Christmas in Connecticut,
directed by Peter Godfrey
(Warner Bros., 1945)

Christmas in Connecticut is a mesmerizing, hilarious look at the consequences of deception. If you have not watched this black-and-white classic, you have missed one of the best movies in history.

A wounded sailor's deception leaves him looking for a way out of an unwanted engagement to a nurse. The nurse schemes to trap Jeffrey Jones (Dennis Morgan) by showing him what Christmas is like in a real home with a real family. She calls in a favor from a magazine publisher, Alexander Yardley (Sydney Greenstreet).

Yardley orders his leading homemaking columnist, Elizabeth Lane (Barbara Stanwyck), to entertain Jones at her farm in Connecticut with her husband and son during the holiday. Worse, Yardley includes himself in the invitation.

Problem: Elizabeth lives in an apartment in the city, cannot cook and does not have a husband or a son. Yardley will fire her and her editor if he finds out that she is a fraud.

Elizabeth agrees to marry persistent beau, John Sloan (Reginald Gardiner). Although she does not love him, he owns a farm in Connecticut. Now, all she needs is a baby and a cook to complete the picture. She talks a restaurant owner to pose as her uncle, but he does not want her to marry Sloan, so he runs interference and creates chaos.

Poor Elizabeth goes from one crisis to another as she and Jones fall in love and she tries to find a way out of the mess.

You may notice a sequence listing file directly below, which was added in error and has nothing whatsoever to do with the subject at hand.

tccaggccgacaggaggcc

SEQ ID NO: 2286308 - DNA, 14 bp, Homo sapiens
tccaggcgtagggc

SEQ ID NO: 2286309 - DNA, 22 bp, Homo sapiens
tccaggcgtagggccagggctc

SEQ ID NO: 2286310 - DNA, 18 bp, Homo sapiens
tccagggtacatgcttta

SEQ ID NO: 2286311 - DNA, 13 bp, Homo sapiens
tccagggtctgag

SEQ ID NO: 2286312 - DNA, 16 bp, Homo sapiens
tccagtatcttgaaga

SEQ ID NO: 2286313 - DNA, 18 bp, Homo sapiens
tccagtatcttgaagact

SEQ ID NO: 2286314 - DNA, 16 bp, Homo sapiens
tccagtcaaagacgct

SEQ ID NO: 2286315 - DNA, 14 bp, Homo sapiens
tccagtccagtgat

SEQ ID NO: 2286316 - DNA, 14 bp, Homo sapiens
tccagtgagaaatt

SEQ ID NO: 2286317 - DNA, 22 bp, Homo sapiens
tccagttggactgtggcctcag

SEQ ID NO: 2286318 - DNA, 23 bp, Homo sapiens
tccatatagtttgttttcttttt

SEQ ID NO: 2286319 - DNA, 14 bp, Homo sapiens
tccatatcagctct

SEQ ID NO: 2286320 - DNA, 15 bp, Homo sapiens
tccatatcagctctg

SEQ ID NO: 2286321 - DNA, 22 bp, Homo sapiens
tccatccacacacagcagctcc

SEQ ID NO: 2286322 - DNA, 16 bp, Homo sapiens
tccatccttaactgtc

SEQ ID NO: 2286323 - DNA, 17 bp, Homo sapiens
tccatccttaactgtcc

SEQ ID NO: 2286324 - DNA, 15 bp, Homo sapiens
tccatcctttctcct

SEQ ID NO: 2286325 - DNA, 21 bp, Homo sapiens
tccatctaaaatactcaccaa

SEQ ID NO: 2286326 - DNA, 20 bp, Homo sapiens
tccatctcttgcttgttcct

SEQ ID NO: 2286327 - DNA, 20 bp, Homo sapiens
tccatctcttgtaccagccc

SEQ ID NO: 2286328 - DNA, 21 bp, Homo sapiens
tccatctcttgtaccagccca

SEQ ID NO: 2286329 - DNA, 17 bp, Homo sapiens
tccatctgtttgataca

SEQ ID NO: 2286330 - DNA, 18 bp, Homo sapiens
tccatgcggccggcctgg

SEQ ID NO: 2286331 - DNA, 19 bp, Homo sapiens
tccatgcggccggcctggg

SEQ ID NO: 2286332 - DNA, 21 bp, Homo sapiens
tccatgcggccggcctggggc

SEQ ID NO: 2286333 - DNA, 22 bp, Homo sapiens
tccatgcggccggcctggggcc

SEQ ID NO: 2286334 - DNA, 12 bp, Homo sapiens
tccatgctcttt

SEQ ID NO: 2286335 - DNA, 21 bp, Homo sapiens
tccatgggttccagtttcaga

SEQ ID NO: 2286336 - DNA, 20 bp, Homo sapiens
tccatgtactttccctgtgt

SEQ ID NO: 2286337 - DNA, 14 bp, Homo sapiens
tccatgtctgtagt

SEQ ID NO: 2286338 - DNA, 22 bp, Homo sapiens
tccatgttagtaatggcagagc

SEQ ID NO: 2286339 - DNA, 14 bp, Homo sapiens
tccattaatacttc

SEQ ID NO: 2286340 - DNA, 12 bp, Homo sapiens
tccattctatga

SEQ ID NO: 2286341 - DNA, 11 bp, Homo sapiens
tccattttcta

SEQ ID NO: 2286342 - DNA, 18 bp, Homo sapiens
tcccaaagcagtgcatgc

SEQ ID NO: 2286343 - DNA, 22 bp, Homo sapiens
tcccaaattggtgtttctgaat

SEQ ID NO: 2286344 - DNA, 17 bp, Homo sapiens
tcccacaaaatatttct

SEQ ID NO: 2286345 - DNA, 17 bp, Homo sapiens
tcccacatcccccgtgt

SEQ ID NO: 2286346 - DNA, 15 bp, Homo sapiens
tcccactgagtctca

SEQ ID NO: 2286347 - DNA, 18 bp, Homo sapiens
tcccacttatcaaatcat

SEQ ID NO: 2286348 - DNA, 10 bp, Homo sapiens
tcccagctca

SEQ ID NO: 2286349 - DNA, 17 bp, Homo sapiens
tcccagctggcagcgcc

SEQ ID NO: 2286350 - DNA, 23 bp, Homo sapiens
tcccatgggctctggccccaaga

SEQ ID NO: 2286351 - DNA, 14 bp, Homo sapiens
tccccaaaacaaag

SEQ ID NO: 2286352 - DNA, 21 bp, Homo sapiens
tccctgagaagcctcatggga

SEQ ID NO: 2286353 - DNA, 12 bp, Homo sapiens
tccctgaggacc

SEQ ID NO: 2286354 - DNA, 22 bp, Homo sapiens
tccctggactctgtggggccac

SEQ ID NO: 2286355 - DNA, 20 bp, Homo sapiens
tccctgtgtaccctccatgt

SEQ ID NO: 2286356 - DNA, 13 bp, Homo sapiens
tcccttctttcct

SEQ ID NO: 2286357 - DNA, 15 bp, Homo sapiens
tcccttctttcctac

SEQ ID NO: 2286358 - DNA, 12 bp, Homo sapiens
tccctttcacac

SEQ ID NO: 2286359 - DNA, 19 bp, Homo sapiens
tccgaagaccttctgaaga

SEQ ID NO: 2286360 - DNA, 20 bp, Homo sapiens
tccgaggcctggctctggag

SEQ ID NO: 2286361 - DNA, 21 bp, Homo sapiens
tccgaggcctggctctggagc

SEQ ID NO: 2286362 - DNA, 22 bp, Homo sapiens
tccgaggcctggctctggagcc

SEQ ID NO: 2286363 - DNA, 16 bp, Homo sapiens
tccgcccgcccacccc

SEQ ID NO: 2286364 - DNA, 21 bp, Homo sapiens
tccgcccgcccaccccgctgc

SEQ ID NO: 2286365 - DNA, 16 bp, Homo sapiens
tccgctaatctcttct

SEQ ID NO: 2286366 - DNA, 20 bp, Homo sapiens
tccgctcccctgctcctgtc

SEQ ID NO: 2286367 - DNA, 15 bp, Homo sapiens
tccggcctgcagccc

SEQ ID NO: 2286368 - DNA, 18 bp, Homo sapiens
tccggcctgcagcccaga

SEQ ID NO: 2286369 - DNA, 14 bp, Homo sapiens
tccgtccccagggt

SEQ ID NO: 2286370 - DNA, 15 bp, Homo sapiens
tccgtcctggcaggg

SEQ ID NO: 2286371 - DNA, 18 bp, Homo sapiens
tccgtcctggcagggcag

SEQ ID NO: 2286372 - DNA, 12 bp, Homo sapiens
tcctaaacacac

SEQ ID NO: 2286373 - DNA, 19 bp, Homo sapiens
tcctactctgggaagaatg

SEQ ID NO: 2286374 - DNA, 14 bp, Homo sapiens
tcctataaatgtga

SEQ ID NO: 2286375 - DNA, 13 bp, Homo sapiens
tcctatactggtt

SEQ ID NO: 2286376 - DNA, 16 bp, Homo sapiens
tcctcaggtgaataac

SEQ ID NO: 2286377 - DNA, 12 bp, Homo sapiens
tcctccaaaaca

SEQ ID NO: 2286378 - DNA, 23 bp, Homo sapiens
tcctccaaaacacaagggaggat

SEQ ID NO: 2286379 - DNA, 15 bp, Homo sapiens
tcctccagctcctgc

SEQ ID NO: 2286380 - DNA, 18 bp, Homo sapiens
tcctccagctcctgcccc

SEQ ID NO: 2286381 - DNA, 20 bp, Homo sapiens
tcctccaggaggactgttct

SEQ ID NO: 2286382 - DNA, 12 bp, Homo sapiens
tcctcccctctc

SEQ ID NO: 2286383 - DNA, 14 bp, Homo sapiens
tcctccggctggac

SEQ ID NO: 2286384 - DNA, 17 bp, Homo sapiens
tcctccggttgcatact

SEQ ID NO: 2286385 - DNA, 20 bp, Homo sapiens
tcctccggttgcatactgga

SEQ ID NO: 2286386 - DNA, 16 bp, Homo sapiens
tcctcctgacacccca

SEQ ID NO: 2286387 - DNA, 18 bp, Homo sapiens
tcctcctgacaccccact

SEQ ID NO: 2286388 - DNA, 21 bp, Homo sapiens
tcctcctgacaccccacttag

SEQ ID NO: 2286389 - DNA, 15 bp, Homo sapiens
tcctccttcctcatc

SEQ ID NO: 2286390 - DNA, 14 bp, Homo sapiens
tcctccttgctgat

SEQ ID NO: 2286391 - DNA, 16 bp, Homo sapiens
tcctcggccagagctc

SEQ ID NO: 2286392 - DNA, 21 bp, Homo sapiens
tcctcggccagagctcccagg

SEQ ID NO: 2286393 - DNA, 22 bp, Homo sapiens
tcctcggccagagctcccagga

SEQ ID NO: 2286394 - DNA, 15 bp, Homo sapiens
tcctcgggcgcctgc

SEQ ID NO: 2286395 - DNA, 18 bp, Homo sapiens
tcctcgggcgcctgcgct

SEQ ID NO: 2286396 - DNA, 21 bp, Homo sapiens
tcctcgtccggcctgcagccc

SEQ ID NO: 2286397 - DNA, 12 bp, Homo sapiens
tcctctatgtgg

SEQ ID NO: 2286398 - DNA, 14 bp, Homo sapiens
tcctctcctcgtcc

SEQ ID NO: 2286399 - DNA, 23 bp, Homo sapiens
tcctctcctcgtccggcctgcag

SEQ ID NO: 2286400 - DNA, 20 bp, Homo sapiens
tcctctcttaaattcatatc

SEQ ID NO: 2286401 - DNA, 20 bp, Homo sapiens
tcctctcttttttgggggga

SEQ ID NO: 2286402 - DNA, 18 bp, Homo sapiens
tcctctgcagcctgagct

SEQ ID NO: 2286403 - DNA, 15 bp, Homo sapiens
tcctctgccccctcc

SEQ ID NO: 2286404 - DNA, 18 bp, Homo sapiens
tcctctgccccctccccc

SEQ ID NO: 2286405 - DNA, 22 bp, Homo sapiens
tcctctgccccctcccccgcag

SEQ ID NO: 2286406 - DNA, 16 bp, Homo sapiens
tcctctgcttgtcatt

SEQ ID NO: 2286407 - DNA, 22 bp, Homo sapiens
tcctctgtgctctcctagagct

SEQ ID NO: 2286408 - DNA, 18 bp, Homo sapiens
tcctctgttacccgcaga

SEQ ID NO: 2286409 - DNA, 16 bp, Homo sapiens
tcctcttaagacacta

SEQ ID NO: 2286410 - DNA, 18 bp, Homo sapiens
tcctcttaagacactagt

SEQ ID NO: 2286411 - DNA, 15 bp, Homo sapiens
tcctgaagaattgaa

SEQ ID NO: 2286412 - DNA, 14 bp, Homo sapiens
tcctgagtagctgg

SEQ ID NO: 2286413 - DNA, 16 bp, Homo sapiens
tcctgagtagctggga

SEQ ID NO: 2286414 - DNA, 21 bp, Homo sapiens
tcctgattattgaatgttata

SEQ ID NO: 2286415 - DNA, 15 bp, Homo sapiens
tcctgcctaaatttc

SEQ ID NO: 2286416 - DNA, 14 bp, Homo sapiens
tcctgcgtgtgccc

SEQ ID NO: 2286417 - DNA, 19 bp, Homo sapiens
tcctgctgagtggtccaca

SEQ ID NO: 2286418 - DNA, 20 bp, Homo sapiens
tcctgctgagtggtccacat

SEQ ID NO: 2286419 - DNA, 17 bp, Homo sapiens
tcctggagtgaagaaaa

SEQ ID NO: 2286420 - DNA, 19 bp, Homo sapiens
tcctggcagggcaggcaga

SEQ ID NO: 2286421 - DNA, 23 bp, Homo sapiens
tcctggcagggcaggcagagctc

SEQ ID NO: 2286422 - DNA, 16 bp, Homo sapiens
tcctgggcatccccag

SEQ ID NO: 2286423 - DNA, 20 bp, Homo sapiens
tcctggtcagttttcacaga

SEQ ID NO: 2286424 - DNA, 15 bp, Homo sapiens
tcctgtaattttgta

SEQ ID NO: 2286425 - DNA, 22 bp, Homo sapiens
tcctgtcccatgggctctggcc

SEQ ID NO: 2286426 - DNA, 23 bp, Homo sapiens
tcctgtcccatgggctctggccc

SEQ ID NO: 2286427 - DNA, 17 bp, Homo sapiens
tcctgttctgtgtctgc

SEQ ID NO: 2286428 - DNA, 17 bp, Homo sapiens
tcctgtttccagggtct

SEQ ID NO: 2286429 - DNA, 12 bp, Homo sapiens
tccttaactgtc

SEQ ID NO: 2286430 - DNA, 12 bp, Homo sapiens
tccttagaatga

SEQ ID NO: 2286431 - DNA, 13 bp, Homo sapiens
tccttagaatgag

When a movie is still being shown more than 60 years after its release, it has to be a great movie. Christmas in Connecticut keeps you thoroughly entertained and you cannot stop watching it. The acting is overly dramatic with exaggerated physical gestures. Everything is emphatic -- the trademark and style of those old black-and-white movies.

The writing was fantastic! This is imagination at its best. It takes you through a rapid series of tension and release without ever slowing the action. It presses forward and keeps you riveted in place. The characters develop consistently and honestly. There are no deviations or surprises in their personalities. You grow to care about them.

The ending is mostly predictable. There might be one small surprise, but nothing major. It ties up all the conflict and restores the stasis of the beginning.

Classics withstand the test of time. Expect Christmas in Connecticut to still be in demand in another 60 years.

review by
Alicia Karen Elkins

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